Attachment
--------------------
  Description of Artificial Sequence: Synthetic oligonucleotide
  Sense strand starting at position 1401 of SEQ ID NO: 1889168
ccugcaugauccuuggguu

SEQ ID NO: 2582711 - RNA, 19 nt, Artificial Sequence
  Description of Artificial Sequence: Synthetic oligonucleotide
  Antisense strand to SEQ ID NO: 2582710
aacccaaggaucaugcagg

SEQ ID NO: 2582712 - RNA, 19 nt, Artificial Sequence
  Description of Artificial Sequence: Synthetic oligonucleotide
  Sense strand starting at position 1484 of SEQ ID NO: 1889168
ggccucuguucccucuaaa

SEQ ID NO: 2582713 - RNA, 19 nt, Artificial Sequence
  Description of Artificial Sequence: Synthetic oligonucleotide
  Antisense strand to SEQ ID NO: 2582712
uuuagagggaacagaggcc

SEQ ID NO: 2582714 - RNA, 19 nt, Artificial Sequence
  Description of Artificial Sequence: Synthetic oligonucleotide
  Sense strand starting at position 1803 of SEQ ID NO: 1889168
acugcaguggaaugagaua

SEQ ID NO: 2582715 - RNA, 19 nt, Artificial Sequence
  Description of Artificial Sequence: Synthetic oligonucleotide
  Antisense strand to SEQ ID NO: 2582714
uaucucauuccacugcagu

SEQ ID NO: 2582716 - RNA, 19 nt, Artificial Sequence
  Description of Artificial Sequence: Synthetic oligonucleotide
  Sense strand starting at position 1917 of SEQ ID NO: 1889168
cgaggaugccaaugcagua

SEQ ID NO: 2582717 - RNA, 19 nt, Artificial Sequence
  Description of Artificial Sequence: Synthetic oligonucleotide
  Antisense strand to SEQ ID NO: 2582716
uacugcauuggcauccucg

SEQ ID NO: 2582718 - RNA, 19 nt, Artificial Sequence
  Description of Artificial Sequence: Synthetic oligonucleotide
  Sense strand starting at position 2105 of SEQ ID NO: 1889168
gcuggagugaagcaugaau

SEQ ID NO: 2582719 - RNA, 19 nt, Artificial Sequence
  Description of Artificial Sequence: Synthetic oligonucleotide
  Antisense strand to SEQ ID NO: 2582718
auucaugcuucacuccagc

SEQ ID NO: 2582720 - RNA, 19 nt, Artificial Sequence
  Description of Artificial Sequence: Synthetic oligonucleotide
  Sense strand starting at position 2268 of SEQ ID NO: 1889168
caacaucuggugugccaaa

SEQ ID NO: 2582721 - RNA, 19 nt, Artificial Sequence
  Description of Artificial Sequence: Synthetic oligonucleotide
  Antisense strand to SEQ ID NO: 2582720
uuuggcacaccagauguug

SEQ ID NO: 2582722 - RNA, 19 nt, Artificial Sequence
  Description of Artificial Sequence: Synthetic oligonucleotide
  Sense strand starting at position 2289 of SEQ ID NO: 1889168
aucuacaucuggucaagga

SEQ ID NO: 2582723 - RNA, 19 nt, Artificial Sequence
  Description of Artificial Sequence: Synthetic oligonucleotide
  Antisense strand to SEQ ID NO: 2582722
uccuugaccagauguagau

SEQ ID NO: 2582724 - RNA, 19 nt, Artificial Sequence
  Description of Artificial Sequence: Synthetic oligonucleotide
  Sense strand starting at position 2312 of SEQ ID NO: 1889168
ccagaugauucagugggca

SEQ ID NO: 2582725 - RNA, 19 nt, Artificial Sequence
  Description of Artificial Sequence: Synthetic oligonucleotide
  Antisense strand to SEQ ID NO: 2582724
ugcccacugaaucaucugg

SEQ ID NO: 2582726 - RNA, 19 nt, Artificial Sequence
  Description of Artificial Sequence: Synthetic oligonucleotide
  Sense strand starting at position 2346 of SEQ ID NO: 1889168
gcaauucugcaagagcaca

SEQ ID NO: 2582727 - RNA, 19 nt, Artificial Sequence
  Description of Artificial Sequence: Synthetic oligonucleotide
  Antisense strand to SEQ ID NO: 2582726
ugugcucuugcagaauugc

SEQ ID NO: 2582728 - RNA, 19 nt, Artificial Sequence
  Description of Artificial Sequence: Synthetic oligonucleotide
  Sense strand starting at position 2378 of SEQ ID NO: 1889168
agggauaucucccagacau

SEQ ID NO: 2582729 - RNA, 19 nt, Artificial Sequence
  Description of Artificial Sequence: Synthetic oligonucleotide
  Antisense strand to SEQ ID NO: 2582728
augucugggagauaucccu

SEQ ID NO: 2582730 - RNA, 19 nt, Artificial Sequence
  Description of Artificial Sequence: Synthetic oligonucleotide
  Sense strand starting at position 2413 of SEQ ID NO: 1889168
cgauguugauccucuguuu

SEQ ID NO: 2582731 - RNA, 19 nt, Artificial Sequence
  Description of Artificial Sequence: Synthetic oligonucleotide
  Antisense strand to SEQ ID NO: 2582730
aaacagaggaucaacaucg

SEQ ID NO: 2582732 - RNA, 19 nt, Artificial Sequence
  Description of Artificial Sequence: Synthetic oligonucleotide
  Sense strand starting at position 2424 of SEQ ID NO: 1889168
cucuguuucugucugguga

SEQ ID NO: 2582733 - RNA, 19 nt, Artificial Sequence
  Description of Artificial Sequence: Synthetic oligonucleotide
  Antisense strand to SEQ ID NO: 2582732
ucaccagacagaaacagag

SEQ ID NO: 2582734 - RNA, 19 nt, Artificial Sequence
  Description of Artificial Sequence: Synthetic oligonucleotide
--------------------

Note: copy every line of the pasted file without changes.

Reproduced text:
  Description of Artificial Sequence: Synthetic oligonucleotide
  Sense strand starting at position 1401 of SEQ ID NO: 1889168
ccugcaugauccuuggguu

SEQ ID NO: 2582711 - RNA, 19 nt, Artificial Sequence
  Description of Artificial Sequence: Synthetic oligonucleotide
  Antisense strand to SEQ ID NO: 2582710
aacccaaggaucaugcagg

SEQ ID NO: 2582712 - RNA, 19 nt, Artificial Sequence
  Description of Artificial Sequence: Synthetic oligonucleotide
  Sense strand starting at position 1484 of SEQ ID NO: 1889168
ggccucuguucccucuaaa

SEQ ID NO: 2582713 - RNA, 19 nt, Artificial Sequence
  Description of Artificial Sequence: Synthetic oligonucleotide
  Antisense strand to SEQ ID NO: 2582712
uuuagagggaacagaggcc

SEQ ID NO: 2582714 - RNA, 19 nt, Artificial Sequence
  Description of Artificial Sequence: Synthetic oligonucleotide
  Sense strand starting at position 1803 of SEQ ID NO: 1889168
acugcaguggaaugagaua

SEQ ID NO: 2582715 - RNA, 19 nt, Artificial Sequence
  Description of Artificial Sequence: Synthetic oligonucleotide
  Antisense strand to SEQ ID NO: 2582714
uaucucauuccacugcagu

SEQ ID NO: 2582716 - RNA, 19 nt, Artificial Sequence
  Description of Artificial Sequence: Synthetic oligonucleotide
  Sense strand starting at position 1917 of SEQ ID NO: 1889168
cgaggaugccaaugcagua

SEQ ID NO: 2582717 - RNA, 19 nt, Artificial Sequence
  Description of Artificial Sequence: Synthetic oligonucleotide
  Antisense strand to SEQ ID NO: 2582716
uacugcauuggcauccucg

SEQ ID NO: 2582718 - RNA, 19 nt, Artificial Sequence
  Description of Artificial Sequence: Synthetic oligonucleotide
  Sense strand starting at position 2105 of SEQ ID NO: 1889168
gcuggagugaagcaugaau

SEQ ID NO: 2582719 - RNA, 19 nt, Artificial Sequence
  Description of Artificial Sequence: Synthetic oligonucleotide
  Antisense strand to SEQ ID NO: 2582718
auucaugcuucacuccagc

SEQ ID NO: 2582720 - RNA, 19 nt, Artificial Sequence
  Description of Artificial Sequence: Synthetic oligonucleotide
  Sense strand starting at position 2268 of SEQ ID NO: 1889168
caacaucuggugugccaaa

SEQ ID NO: 2582721 - RNA, 19 nt, Artificial Sequence
  Description of Artificial Sequence: Synthetic oligonucleotide
  Antisense strand to SEQ ID NO: 2582720
uuuggcacaccagauguug

SEQ ID NO: 2582722 - RNA, 19 nt, Artificial Sequence
  Description of Artificial Sequence: Synthetic oligonucleotide
  Sense strand starting at position 2289 of SEQ ID NO: 1889168
aucuacaucuggucaagga

SEQ ID NO: 2582723 - RNA, 19 nt, Artificial Sequence
  Description of Artificial Sequence: Synthetic oligonucleotide
  Antisense strand to SEQ ID NO: 2582722
uccuugaccagauguagau

SEQ ID NO: 2582724 - RNA, 19 nt, Artificial Sequence
  Description of Artificial Sequence: Synthetic oligonucleotide
  Sense strand starting at position 2312 of SEQ ID NO: 1889168
ccagaugauucagugggca

SEQ ID NO: 2582725 - RNA, 19 nt, Artificial Sequence
  Description of Artificial Sequence: Synthetic oligonucleotide
  Antisense strand to SEQ ID NO: 2582724
ugcccacugaaucaucugg

SEQ ID NO: 2582726 - RNA, 19 nt, Artificial Sequence
  Description of Artificial Sequence: Synthetic oligonucleotide
  Sense strand starting at position 2346 of SEQ ID NO: 1889168
gcaauucugcaagagcaca

SEQ ID NO: 2582727 - RNA, 19 nt, Artificial Sequence
  Description of Artificial Sequence: Synthetic oligonucleotide
  Antisense strand to SEQ ID NO: 2582726
ugugcucuugcagaauugc

SEQ ID NO: 2582728 - RNA, 19 nt, Artificial Sequence
  Description of Artificial Sequence: Synthetic oligonucleotide
  Sense strand starting at position 2378 of SEQ ID NO: 1889168
agggauaucucccagacau

SEQ ID NO: 2582729 - RNA, 19 nt, Artificial Sequence
  Description of Artificial Sequence: Synthetic oligonucleotide
  Antisense strand to SEQ ID NO: 2582728
augucugggagauaucccu

SEQ ID NO: 2582730 - RNA, 19 nt, Artificial Sequence
  Description of Artificial Sequence: Synthetic oligonucleotide
  Sense strand starting at position 2413 of SEQ ID NO: 1889168
cgauguugauccucuguuu

SEQ ID NO: 2582731 - RNA, 19 nt, Artificial Sequence
  Description of Artificial Sequence: Synthetic oligonucleotide
  Antisense strand to SEQ ID NO: 2582730
aaacagaggaucaacaucg

SEQ ID NO: 2582732 - RNA, 19 nt, Artificial Sequence
  Description of Artificial Sequence: Synthetic oligonucleotide
  Sense strand starting at position 2424 of SEQ ID NO: 1889168
cucuguuucugucugguga

SEQ ID NO: 2582733 - RNA, 19 nt, Artificial Sequence
  Description of Artificial Sequence: Synthetic oligonucleotide
  Antisense strand to SEQ ID NO: 2582732
ucaccagacagaaacagag

SEQ ID NO: 2582734 - RNA, 19 nt, Artificial Sequence
  Description of Artificial Sequence: Synthetic oligonucleotide